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Discussion Starter · #1 ·
What are you guys getting fuel mileage wise on your staged saabs?
Mine is a stage 4 ng 3 door, cruising 70-75 on the highway im only getting 26mpg
I purposely keep boost low to save on fuel but that's the best i can get.
I run premium fuel also.

Im thinking my o2 sensor might be bad but i have no cel.
 

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Stage 2, ish 1995 900SET, 33mpg highway at 70mph

Stage 0 NA 900, 32mpg highway at 70mph

Both driving conservatively, both on premium.
 

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Yes but a little flaw in that logic is that if you live in a place you go down the hill one moment and up the hill the a minute after that and it all comes out in the wash. True a slower county road with lots of throttle changes in curves will cost you much more than Interstates but much of it averages out. I can see it on my Volvo that has a setting for much more "real time" and the numbers will be like 49.5 and then up the hill go suffer at 16.2.

When you drive a truck you can see massive differences on windy days.

Interesting numbers on the highway for that ng. I have a "Stage ?" ... with Maptun I guess it would be a Stage 1 or BSR .. same thing .. it is a factory 280 horse auto and highway I get only about 23 to 24. My base Corvette got a solid 31 at 70/74 on the Interstate with a 6 speed manual.
 

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Hilly places consume more than flat places.
The theory that the ups and downs balance out is nonsense.
Get up to cruising speed as much as possible. Not hard accelerating, but don't just wander up to 70mph. This slow accelerating up to the target cruising speed robs you of better mpg. You want to be at steady cruising as much time as possible.
60mph is much more efficient than 70mph. But your gearing has a lot to do with this. If the difference in revs between 60 and 70 is practically nothing, then 70 will work better for mpg. Its rare though, since coasting at 60 is a lot easier than coasting at 70. The wind resistance is like 50% higher for just 60 vs 70.
 

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I get 34 US MPG in my Saab :D well ok only if I do 100kph (about 60mph) if I do the max speed limit here (130kph->80 mph) then I get about 24 MPG.

1994 NG900S B206i NA with 276,600km (171,871mi)

Oh BTW what REVS are you guys turning at cruising speed??? At 80 MPH I am turning over 3500K I think. Will look later to be sure.

it is a factory 280 horse auto and highway I get only about 23 to 24.
I want that!!! :( :( Only 133hp here :(
 

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Discussion Starter · #7 ·
at 70mph my rpm's are around 2900
So i guess my fuel consumption is about average then, could you have a bad o2 sensor with no cel on?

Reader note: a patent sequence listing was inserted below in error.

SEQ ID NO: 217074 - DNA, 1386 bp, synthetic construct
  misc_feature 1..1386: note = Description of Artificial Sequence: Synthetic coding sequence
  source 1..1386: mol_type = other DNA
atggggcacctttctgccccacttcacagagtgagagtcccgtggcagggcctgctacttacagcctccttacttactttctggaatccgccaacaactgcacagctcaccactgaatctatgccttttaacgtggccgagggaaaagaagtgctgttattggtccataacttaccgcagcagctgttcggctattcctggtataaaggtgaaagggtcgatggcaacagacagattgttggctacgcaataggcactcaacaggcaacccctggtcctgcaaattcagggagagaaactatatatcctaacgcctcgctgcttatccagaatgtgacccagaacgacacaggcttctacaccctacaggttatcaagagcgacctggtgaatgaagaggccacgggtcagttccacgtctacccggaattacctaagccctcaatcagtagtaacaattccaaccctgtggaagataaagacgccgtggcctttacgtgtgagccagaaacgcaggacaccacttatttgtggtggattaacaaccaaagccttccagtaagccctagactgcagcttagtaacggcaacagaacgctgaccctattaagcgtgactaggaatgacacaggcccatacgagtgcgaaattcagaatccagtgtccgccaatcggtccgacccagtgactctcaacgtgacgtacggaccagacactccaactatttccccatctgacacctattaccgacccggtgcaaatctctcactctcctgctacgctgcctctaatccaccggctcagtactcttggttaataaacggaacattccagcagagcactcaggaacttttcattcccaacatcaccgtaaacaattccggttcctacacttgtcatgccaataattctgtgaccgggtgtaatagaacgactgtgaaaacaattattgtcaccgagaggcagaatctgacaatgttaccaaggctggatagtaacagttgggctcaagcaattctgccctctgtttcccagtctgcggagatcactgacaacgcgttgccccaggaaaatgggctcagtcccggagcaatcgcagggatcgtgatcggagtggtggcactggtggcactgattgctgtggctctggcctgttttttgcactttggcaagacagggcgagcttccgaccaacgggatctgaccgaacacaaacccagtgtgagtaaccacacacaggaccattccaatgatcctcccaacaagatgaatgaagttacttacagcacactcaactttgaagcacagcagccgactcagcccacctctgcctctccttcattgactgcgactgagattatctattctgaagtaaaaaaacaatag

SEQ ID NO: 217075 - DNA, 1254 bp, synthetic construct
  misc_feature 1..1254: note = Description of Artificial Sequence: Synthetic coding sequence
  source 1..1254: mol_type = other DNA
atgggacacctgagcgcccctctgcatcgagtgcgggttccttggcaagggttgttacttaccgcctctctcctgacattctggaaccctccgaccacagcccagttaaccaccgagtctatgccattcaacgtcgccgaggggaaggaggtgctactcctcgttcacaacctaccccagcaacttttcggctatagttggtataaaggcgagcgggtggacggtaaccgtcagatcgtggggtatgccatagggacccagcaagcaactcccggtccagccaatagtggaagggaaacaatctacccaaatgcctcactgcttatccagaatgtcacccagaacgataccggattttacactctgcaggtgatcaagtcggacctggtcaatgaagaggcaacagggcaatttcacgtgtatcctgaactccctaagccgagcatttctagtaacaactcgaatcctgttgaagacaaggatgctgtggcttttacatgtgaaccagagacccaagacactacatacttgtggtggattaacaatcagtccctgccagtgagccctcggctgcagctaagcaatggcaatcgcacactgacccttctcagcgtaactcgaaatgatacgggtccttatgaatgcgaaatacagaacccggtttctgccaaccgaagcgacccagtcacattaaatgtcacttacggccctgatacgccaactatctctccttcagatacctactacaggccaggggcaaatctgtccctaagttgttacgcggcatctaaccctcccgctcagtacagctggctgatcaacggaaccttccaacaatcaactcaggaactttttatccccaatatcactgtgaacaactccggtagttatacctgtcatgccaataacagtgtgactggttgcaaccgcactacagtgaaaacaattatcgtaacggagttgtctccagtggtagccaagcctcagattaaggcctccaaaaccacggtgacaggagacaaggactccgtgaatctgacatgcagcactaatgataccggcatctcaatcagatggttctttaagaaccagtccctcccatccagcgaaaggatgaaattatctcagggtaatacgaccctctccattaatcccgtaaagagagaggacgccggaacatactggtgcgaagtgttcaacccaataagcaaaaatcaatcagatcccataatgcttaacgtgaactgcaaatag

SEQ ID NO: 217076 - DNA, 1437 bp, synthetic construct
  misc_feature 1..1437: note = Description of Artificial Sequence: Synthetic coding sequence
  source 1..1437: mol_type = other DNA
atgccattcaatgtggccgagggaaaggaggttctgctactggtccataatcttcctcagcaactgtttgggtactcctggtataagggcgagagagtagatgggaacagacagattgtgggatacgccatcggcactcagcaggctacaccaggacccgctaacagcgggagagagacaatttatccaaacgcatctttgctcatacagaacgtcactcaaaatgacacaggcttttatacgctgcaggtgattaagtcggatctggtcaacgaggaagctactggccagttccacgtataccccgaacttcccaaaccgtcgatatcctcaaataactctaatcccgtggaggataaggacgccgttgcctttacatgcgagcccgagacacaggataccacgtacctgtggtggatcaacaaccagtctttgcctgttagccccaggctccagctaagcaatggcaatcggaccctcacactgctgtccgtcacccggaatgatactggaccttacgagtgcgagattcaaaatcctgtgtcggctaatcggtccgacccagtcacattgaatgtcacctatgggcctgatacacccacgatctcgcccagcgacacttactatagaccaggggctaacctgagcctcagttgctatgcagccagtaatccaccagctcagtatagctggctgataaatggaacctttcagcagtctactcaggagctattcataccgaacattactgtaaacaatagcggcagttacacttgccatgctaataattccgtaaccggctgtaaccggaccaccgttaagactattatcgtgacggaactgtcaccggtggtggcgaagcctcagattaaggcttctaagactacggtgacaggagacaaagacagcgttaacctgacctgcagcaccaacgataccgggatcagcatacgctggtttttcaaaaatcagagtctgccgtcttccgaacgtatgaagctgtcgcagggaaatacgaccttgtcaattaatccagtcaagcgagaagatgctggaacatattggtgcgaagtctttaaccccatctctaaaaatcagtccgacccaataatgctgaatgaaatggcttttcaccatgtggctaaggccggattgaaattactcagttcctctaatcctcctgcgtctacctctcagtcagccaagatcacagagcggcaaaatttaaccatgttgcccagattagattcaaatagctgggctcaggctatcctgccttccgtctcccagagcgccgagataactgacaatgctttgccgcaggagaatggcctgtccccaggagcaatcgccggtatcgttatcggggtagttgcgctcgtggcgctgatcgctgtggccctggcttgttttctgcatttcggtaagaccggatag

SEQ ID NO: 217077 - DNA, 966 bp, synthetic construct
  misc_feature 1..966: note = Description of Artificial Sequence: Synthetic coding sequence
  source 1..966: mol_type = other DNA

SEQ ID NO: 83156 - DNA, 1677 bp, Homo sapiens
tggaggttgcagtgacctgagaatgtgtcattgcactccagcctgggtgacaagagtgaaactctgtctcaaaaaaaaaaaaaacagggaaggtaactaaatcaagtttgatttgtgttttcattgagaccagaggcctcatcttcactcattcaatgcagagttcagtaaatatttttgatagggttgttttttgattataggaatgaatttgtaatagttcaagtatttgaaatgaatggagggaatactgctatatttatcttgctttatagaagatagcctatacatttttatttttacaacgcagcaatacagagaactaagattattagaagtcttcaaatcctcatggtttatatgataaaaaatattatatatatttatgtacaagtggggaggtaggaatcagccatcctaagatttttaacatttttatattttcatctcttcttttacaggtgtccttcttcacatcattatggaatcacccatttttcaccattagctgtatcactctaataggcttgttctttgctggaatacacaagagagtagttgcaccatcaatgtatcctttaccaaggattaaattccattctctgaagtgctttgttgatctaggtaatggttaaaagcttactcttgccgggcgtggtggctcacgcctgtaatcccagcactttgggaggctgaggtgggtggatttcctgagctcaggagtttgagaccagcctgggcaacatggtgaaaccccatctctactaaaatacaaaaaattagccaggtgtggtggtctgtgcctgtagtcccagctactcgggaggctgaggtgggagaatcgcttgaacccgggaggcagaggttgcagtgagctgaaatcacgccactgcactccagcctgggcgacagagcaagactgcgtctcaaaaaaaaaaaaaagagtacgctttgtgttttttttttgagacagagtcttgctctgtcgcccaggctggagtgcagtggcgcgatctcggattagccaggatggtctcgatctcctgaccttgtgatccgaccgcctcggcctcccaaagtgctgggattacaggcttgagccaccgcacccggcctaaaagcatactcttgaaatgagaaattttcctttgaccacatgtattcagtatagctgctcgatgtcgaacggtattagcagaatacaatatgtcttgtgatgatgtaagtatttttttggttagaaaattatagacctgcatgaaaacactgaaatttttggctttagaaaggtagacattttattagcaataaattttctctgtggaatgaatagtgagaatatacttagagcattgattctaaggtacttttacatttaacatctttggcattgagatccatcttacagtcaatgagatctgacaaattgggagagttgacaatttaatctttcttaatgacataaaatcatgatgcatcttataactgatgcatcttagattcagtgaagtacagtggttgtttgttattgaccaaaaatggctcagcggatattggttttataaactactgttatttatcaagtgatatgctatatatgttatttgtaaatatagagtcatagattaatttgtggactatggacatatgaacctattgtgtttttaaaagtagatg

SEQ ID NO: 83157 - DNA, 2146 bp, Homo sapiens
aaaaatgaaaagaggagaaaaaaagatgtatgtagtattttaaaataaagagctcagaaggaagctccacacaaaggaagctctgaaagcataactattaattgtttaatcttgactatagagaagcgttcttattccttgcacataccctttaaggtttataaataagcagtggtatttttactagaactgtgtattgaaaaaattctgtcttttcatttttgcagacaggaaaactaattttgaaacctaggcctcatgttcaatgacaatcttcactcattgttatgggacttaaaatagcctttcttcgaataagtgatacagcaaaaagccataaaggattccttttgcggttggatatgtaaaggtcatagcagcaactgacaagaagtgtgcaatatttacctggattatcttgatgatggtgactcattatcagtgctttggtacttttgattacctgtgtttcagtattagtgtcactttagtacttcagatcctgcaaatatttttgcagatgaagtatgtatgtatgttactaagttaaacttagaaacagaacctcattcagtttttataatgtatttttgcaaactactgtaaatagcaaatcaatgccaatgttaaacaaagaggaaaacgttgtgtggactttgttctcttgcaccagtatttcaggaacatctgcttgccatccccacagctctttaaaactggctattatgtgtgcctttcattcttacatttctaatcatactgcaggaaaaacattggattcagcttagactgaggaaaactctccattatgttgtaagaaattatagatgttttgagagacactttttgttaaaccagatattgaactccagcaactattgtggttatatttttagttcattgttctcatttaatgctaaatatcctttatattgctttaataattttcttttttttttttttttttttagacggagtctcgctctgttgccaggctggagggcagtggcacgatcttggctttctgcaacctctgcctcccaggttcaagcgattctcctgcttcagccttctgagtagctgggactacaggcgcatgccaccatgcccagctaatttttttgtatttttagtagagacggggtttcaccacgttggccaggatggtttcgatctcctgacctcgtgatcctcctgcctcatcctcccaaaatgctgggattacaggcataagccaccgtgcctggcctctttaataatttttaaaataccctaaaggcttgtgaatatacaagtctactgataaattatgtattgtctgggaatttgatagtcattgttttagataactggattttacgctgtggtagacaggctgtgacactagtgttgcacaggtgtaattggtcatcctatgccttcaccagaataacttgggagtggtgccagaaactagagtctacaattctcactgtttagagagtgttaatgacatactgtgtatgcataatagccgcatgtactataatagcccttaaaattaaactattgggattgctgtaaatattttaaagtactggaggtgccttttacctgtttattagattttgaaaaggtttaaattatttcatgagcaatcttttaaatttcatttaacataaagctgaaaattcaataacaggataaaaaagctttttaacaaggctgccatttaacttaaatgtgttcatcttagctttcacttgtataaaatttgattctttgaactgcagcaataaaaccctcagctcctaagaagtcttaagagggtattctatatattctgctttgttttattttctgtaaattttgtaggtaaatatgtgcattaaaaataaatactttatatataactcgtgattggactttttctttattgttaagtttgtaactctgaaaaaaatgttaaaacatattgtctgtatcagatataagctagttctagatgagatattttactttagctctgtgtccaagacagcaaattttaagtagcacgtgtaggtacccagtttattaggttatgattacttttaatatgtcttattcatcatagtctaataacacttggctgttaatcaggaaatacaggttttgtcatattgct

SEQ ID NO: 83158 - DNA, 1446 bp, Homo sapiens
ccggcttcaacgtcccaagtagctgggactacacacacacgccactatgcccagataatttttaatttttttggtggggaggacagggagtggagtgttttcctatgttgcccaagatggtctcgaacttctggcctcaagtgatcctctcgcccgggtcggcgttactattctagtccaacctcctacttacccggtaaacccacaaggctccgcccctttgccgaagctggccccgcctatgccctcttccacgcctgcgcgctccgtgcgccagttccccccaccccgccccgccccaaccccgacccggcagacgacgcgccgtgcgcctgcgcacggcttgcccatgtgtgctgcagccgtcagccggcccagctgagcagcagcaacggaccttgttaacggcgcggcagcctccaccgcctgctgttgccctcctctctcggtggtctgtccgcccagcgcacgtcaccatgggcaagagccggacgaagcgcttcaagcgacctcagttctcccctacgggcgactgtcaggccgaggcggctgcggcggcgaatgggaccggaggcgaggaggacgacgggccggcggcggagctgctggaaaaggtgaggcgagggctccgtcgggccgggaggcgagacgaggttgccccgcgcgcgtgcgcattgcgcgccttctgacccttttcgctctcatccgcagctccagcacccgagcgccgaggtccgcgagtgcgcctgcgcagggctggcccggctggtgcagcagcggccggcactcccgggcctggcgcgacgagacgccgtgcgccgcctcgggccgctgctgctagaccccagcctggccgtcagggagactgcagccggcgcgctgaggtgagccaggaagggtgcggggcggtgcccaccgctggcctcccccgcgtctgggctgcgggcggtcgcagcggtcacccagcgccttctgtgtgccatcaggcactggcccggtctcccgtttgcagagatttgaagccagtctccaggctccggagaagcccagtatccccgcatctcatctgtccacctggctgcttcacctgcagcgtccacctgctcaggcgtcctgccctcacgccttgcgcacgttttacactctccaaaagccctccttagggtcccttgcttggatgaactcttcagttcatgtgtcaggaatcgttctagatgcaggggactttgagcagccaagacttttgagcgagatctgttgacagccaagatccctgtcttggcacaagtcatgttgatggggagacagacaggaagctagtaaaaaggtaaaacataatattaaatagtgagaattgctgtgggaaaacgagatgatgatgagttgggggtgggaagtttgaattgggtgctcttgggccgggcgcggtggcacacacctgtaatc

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I get mpg in the low 30's in my stg 3+ viggen at highway speeds, usually 22-24 combined city/highway averaging 25 ish mph according to the sid

I think Auto's get a few mpg less

with hills vs flat road MPH on my last 2 trips to Key west in the RV pulling a jeep traveling from Ohio to FL I would get 6.5-7.0 mpg in FL & 7.3-7.9 MPG in the KY/TN mountains. If you drive properly & use the hills to push you down the mountain you will get better MPG however going up I am a moving chicane. VS FL where the only elevation change was overpasses which slowls me down a few mph going up but the descent is to short on the other side. If I used cruise in either situation I would probably be getting 5.something mpg
 

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A bad o2 sensor will not always illuminate a CEL. If there is signal from it, there will be no CEL however the signal received may not be totally accurate if the sensor is very old. If you replace the unit and it was a problem you might pick up an MPG or 2. The old recommendation from Bosch was to replace the o2 sensor every 30,000 miles - however that was for the old unheated type sensors. In theory, the heated (3-wire) sensors which your car has could last the life of the car. I don't know how often or even if there is a recommended replacement interval on those.

Of note is that the output signal voltage of the o2 sensor is from 0 to 1 volt. You do not want to use a "universal" o2 sensor, get the one with the correct plug and wire length for your application. Any sort of connection made between the new "universal" sensor and the original wiring may skew the 0-1V signal due to some unintended resistance in the connection, which might leave you worse off than before the o2 sensor replacement.
 

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Also, if one has a 3" dp, that will help efficiency too. So if your car is tuned, but still on stock exhaust, that might be part of it.

My auto 900 SE, with no power mods aside from a cross-flow intercooler, gets about 29mpg highway usually. That is with me taking every on ramp like I was being chased too. Although basically all my sensors except for the o2 sensors, are new, which might help. It makes me laugh when I see car companies talking about how their new $40k car gets the same mpg. Pretty sad for them.
 
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